TPG sells 4.5 percent stake to sovereign funds: source

By Megan Davies

NEW YORK (Reuters) – Private equity firm TPG Capital (TPG.UL: Quote, Profile, Research) is selling a 4.5 percent stake in itself to two sovereign wealth funds, in Singapore and Kuwait, a source familiar with the situation said on Friday.

TPG is the latest private equity firm to turn either to the Middle East or Asia for capital, and selling a stake will likely raise questions about whether TPG eventually wants to follow a handful of its rivals in going public.

The deal values TPG at $10 billion, said a separate source familiar with the situation.

Blackstone Group (BX.N: Quote, Profile, Research) went public in 2007 after selling a stake to a Chinese sovereign fund, Kohlberg Kravis Roberts & Co (KKR.N: Quote, Profile, Research) listed in 2010, and Apollo Global Management (APO.N: Quote, Profile, Research) made its debut on the New York Stock Exchange this week.

Carlyle Group may also file papers to go public later this year, a source familiar with the matter previously said.

A source close to TPG previously told Reuters that the firm had no plans to go public.

TPG told its investors about the stake sale in a letter dated March 31. It said that it had “completed a private sale of a small, passive minority economic stake” in TPG. The letter, obtained by Reuters, did not specify who the buyers were.

The sovereign wealth funds investing are the Kuwait Investment Authority, one of the largest sovereign funds in the Gulf, and the Government of Singapore Investment Corp (GIC), the source said. It was unclear how much each fund would buy of the 4.5 percent of TPG that is being sold.

“The equity capital raised in this transaction will… be used to fund the expansion of existing business lines and general partner investments, and to help fund the growth of firm-wide operations,” said the letter.

TPG’s letter also said it has consolidated, refinanced and expanded its existing credit lines.

“These transactions are purely financial in nature – there will be no change in the firm’s operations and strategy and the investors will have no governance role whatsoever in the firm,” the letter said.

TPG declined to comment, while representatives of the Singapore and Kuwait funds were unavailable to comment.

The deal puts TPG’s value close to KKR’s, which has a market capitalization of about $11 billion. Apollo had a value of about $7 billion at the time of its IPO this week. All are dwarfed by Blackstone, which is valued at about $20 billion.

TPG, founded in 1992 and run by founding partners David Bonderman and James Coulter, has more than $47 billion of capital under management. It has offices around the world, including Singapore, according to its website.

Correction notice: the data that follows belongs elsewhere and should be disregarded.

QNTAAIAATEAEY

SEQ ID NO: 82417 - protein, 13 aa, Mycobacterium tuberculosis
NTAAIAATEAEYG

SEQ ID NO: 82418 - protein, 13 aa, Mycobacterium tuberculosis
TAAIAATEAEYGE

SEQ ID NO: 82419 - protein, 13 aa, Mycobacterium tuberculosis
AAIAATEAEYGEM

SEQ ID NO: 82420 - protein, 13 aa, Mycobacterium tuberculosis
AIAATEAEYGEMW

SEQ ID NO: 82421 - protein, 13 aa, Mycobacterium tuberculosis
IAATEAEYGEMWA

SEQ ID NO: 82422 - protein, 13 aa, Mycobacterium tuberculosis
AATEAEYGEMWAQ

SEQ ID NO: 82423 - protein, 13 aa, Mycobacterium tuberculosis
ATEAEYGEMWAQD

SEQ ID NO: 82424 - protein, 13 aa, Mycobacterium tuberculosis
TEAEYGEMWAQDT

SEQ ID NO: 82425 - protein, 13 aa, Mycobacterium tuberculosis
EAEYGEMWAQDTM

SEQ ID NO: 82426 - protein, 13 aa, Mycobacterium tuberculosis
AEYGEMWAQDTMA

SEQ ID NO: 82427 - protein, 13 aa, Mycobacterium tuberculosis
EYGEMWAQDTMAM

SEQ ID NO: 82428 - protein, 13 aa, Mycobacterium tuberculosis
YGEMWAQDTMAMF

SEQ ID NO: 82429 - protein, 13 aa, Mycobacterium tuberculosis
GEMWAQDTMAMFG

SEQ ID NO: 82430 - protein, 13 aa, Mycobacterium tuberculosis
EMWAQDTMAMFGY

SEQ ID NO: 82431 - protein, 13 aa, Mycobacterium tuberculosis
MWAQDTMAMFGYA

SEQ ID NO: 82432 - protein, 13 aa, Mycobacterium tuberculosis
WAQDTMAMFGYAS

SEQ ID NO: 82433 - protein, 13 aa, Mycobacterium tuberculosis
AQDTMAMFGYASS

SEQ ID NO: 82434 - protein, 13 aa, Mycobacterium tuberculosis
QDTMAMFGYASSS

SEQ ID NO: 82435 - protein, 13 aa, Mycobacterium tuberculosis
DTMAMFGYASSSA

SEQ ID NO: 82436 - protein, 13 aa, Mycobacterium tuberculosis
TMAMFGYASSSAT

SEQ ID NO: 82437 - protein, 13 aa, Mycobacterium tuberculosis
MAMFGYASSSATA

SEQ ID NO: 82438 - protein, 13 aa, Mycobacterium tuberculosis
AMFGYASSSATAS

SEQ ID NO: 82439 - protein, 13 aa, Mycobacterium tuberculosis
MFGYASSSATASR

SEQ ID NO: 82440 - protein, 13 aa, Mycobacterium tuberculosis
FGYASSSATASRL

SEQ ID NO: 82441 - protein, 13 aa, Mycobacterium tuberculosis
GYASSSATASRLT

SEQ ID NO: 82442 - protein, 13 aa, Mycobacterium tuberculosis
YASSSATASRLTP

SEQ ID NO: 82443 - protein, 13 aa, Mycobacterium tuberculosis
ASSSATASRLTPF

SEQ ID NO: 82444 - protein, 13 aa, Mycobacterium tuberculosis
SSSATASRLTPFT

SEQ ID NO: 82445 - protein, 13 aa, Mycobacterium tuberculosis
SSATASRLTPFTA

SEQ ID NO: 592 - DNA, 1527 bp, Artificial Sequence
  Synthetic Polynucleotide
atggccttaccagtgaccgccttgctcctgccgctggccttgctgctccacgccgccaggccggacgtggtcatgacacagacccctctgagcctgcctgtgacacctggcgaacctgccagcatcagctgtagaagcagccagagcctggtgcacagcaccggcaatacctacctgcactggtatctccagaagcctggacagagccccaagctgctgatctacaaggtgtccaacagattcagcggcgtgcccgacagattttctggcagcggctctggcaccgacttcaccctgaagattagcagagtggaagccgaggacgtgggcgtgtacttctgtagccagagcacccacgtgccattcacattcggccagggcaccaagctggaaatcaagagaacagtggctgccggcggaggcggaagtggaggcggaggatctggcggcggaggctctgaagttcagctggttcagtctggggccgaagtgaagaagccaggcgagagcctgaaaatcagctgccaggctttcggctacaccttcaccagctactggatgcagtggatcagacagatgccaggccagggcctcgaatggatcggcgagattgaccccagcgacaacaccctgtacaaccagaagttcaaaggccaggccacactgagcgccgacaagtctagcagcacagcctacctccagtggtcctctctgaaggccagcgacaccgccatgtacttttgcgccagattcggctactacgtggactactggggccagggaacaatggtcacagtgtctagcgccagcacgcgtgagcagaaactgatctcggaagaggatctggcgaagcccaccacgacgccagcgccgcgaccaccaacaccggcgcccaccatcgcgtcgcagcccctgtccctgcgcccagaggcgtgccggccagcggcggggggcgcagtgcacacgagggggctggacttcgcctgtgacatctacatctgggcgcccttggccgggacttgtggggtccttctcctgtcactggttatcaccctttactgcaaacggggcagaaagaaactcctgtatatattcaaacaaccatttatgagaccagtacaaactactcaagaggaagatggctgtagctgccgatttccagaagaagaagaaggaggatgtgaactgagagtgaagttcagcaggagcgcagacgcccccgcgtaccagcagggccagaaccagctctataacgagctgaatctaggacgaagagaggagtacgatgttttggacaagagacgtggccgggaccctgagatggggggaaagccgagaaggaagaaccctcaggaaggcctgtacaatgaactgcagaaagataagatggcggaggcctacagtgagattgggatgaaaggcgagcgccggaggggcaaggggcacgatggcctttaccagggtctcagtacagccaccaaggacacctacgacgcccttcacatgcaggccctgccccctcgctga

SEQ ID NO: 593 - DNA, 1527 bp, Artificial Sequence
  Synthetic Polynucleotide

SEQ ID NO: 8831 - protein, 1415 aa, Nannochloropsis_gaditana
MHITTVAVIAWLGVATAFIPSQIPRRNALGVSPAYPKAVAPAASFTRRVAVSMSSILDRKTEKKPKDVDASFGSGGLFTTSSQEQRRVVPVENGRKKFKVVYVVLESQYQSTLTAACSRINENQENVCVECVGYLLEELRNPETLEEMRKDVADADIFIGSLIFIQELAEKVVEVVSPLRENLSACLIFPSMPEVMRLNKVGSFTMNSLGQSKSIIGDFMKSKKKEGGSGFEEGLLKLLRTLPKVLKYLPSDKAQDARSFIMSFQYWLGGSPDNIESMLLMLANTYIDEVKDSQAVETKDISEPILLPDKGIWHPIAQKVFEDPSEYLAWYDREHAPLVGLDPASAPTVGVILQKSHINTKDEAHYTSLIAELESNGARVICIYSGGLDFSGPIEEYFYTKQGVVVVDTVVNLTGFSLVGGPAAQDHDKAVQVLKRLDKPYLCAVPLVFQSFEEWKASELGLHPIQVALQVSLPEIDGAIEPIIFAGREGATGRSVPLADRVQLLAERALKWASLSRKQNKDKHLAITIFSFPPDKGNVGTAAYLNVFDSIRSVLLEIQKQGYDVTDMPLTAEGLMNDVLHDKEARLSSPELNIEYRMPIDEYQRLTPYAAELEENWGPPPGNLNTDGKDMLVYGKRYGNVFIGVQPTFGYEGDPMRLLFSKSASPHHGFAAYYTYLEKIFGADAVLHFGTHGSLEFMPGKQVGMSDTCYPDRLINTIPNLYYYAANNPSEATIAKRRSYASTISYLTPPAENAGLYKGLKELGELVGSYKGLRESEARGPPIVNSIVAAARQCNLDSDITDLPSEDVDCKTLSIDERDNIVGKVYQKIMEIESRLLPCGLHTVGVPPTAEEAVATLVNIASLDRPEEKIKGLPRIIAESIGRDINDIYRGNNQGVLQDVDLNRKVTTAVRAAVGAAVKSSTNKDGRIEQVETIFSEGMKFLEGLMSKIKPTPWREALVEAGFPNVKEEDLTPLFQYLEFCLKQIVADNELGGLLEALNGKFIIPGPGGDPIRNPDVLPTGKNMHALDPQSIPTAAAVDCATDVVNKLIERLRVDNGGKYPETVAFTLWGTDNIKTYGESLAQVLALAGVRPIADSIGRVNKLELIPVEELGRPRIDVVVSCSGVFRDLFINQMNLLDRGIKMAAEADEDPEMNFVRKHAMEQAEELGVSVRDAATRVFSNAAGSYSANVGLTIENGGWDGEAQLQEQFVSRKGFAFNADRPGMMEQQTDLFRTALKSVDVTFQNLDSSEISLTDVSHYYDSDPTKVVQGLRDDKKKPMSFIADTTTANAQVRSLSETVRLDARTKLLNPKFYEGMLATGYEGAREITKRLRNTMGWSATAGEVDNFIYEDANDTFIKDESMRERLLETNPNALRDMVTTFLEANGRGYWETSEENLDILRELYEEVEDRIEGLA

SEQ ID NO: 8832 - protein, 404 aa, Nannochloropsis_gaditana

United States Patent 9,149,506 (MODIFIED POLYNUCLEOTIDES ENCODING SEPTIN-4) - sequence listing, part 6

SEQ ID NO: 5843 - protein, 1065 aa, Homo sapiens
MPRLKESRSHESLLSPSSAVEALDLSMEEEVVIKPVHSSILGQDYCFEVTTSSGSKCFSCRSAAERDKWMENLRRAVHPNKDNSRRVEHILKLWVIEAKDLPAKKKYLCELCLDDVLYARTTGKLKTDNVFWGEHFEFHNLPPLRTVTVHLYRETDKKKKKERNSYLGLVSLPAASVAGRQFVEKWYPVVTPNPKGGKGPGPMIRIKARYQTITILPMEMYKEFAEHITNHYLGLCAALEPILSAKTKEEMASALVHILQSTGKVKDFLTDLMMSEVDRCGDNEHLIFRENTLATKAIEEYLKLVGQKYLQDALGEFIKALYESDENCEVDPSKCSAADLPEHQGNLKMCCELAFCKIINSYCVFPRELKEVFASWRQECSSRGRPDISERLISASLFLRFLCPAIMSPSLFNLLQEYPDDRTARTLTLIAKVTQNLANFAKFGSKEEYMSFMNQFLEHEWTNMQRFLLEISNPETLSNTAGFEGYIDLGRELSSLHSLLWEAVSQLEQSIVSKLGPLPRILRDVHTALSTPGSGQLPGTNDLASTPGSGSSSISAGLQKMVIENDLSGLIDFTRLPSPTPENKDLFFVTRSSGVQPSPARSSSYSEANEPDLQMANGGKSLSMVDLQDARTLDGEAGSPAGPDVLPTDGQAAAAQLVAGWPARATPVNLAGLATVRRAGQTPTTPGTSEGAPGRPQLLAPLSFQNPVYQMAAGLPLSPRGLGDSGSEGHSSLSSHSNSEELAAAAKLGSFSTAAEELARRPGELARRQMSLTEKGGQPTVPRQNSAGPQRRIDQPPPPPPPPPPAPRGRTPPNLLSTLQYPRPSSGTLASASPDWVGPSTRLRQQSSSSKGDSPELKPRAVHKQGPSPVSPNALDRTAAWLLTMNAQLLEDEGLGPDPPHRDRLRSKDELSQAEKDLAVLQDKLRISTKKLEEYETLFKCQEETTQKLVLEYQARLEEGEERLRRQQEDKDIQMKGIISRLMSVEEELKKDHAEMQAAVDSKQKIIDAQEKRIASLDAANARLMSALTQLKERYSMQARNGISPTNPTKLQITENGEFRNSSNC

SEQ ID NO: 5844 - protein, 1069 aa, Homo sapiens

SOVEREIGN WEALTH FUND INTEREST

Rivals Blackstone and Carlyle have had sovereign wealth fund investors for several years.

Abu Dhabi bought a $1.35 billion stake in Carlyle Group in September 2007, and sovereign wealth fund China Investment Corp owns 10 percent of Blackstone.

CIC’s investment in Blackstone has fared poorly. It bought in just before Blackstone went public in 2007 at $31 a share. Blackstone’s shares are currently trading at $18.01, although they have rallied from a low of below $4.

TPG and GIC have invested together in deals in the past. In December, TPG and GIC bought a stake in Indonesian coal contractor PT Delta Dunia Makmur for $331 million.

GIC, which is estimated to have a portfolio of more than $200 billion, said in February the United States would continue to be a prime investment destination for years to come.

Tony Tan, GIC’s deputy chairman, said recently that despite global economic rebalancing and rapid growth in China and other emerging economies, the United States would remain the “single most important source of global prosperity.”

GIC’s key investments include a substantial stake in Citigroup (C.N: Quote, Profile, Research), which it helped rescue in the aftermath of the financial crisis. According to Reuters data, it is the biggest shareholder in the U.S. bank with a 3.86 percent stake.

According to GIC’s last annual report, issued in September, the United States accounts for 36 percent of its investments, the highest of any country.

(Additional reporting by Saeed Azhar in Singapore and Eman Goma in Kuwait; Editing by Gerald E. McCormick, Gary Hill and Tim Dobbyn)

TPG sells 4.5 percent stake to sovereign funds: source